Sunday, 4 June 2017

Waders at Bay MacNeil

We were at Bay MacNeil this morning but, once down on the sands, noticed....

....several waders moving uneasily around the upper beach - almost pretending not to be there.

It was easy to find the reason for their furtiveness: it's the height of the egg-laying season.

This is the nest of an oystercatcher, no more than a scrape in the sand, with four eggs in it, though.... a little further along the beach only had two.

The oystercatchers weren't the only ones using the beach as a nursery. This nest is a little better camouflaged and it, too....

....contained four eggs.

We're very careful not to approach too close to the nests - there's no need to with a digital camera with a half-good zoom - so, as we walked on....

....the parents were quick to settle back on the nests.

The smaller eggs belonged to a ringed plover who, once she was back on the nest, was almost impossible to see.

We sat for some time on the rocks just watching the wildlife, and saw this wader feeding near the shore line. It hardly stopped but, when it did, it bobbed up and down. I think it's a green sandpiper.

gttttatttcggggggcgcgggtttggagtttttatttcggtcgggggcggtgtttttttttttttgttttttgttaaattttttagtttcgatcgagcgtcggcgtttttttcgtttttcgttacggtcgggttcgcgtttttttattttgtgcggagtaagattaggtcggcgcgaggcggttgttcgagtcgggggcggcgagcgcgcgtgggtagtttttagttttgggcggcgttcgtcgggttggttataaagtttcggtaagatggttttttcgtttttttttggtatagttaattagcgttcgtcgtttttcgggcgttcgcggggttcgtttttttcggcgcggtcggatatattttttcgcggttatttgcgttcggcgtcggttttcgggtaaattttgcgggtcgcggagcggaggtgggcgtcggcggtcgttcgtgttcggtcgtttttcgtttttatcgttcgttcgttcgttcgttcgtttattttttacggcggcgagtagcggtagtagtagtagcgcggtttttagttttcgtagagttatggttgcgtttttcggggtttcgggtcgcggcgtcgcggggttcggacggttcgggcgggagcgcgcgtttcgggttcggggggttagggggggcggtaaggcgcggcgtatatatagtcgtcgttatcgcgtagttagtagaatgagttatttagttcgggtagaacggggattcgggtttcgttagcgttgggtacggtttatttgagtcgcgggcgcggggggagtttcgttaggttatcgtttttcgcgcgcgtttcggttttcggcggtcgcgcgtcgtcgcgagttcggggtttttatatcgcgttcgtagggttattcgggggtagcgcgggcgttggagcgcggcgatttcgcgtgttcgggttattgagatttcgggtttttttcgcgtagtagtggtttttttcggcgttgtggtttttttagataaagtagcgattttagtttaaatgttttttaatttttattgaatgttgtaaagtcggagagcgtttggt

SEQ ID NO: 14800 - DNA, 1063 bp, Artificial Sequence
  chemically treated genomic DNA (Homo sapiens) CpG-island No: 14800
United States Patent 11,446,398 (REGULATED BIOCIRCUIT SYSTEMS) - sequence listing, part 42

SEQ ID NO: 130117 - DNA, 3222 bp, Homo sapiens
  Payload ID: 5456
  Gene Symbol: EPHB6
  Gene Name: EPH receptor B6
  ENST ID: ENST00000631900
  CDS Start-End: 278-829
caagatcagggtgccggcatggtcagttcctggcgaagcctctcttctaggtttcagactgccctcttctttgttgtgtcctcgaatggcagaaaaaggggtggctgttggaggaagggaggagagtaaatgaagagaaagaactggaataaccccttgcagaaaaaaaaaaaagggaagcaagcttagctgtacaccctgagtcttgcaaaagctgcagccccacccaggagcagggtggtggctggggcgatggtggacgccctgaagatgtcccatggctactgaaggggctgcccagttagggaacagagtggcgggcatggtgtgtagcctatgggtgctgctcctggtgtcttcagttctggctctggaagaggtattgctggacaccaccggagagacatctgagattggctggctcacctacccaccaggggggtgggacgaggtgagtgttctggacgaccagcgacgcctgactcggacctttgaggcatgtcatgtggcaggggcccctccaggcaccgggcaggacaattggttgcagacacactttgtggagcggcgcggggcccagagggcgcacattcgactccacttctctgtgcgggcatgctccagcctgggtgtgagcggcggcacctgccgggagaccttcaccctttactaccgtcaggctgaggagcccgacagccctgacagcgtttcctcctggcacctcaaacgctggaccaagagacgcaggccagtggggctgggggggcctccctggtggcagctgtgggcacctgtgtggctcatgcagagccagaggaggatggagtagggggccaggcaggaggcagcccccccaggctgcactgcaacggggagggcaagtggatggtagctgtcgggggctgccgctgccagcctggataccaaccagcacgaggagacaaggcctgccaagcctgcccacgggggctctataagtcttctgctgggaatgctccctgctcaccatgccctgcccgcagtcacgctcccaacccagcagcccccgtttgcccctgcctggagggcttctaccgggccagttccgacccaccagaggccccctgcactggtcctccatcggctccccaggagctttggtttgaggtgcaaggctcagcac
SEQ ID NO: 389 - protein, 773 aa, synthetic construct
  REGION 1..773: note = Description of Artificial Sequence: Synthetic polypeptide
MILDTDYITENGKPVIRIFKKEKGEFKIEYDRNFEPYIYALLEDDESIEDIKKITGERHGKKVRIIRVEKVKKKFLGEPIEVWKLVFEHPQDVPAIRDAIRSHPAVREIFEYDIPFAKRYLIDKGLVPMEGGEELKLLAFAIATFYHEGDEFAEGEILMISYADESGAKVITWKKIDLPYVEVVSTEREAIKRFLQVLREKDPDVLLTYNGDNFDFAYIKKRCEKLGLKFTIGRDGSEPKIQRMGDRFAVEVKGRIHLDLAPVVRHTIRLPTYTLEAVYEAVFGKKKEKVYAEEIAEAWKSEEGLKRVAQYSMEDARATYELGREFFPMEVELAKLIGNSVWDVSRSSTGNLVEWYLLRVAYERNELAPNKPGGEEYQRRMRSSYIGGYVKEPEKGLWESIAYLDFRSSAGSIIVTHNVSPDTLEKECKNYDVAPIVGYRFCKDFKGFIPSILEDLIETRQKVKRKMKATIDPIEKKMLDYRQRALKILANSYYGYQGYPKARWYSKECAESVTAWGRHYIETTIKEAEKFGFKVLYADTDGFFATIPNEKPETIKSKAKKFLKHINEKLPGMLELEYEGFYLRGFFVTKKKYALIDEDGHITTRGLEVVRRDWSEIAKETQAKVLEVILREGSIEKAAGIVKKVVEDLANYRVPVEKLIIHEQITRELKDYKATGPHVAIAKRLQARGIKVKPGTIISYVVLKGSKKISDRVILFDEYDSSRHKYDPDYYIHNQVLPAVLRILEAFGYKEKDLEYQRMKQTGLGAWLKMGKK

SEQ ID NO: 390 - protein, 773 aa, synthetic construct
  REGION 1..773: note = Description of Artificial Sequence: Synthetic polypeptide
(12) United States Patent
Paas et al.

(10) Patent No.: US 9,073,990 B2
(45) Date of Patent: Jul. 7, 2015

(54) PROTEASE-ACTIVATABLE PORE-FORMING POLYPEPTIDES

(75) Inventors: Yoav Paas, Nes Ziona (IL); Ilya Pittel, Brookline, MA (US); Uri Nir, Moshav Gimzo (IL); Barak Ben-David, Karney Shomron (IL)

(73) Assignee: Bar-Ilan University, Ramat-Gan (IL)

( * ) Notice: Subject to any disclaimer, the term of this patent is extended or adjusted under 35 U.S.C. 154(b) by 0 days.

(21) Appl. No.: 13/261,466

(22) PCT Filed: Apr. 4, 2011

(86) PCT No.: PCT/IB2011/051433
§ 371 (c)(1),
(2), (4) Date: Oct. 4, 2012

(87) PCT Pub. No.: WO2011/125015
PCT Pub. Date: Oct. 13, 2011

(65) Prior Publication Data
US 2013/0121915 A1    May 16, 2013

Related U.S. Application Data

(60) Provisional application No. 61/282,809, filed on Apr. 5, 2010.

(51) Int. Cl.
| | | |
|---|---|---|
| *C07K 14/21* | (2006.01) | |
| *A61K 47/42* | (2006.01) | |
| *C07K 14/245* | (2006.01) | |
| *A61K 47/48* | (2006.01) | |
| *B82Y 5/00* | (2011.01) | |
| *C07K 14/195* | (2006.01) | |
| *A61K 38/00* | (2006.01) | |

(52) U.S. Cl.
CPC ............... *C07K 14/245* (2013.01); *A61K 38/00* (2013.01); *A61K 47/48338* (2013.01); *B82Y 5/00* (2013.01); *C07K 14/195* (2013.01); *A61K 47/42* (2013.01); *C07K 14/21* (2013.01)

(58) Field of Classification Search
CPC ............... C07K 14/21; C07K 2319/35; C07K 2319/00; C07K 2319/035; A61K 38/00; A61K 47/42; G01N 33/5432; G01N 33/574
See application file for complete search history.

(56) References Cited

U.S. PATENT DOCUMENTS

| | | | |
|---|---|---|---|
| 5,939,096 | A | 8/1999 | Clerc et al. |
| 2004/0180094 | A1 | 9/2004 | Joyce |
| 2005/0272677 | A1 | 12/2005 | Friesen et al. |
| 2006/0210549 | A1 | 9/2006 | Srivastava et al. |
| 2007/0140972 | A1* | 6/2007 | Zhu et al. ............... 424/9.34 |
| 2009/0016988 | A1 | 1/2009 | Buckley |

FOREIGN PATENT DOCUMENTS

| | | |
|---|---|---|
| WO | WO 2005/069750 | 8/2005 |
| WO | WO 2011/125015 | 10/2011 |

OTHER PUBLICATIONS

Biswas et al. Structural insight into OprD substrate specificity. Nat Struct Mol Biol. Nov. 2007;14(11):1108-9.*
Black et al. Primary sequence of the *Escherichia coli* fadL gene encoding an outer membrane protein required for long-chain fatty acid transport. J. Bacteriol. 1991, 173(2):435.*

It's a miracle that these birds manage to bring up their young in such an exposed place. While we were there, two sea eagles came over, pursued by crows which, in their turn, were pursued by the oystercatchers. Then there were people walking along the sands with their dogs, and this is an area which is quite likely to have mink.

1 comment:

  1. Good to see the waders laying again. Quite a few probably lost their nests due to the very high tides the week before last.
    Four eggs is unusual for an Oystercatcher - they normally lay two or three - so that's a good find.
    I'm afraid your Sandpiper is "only" a Common though :)

    Keep up the good work!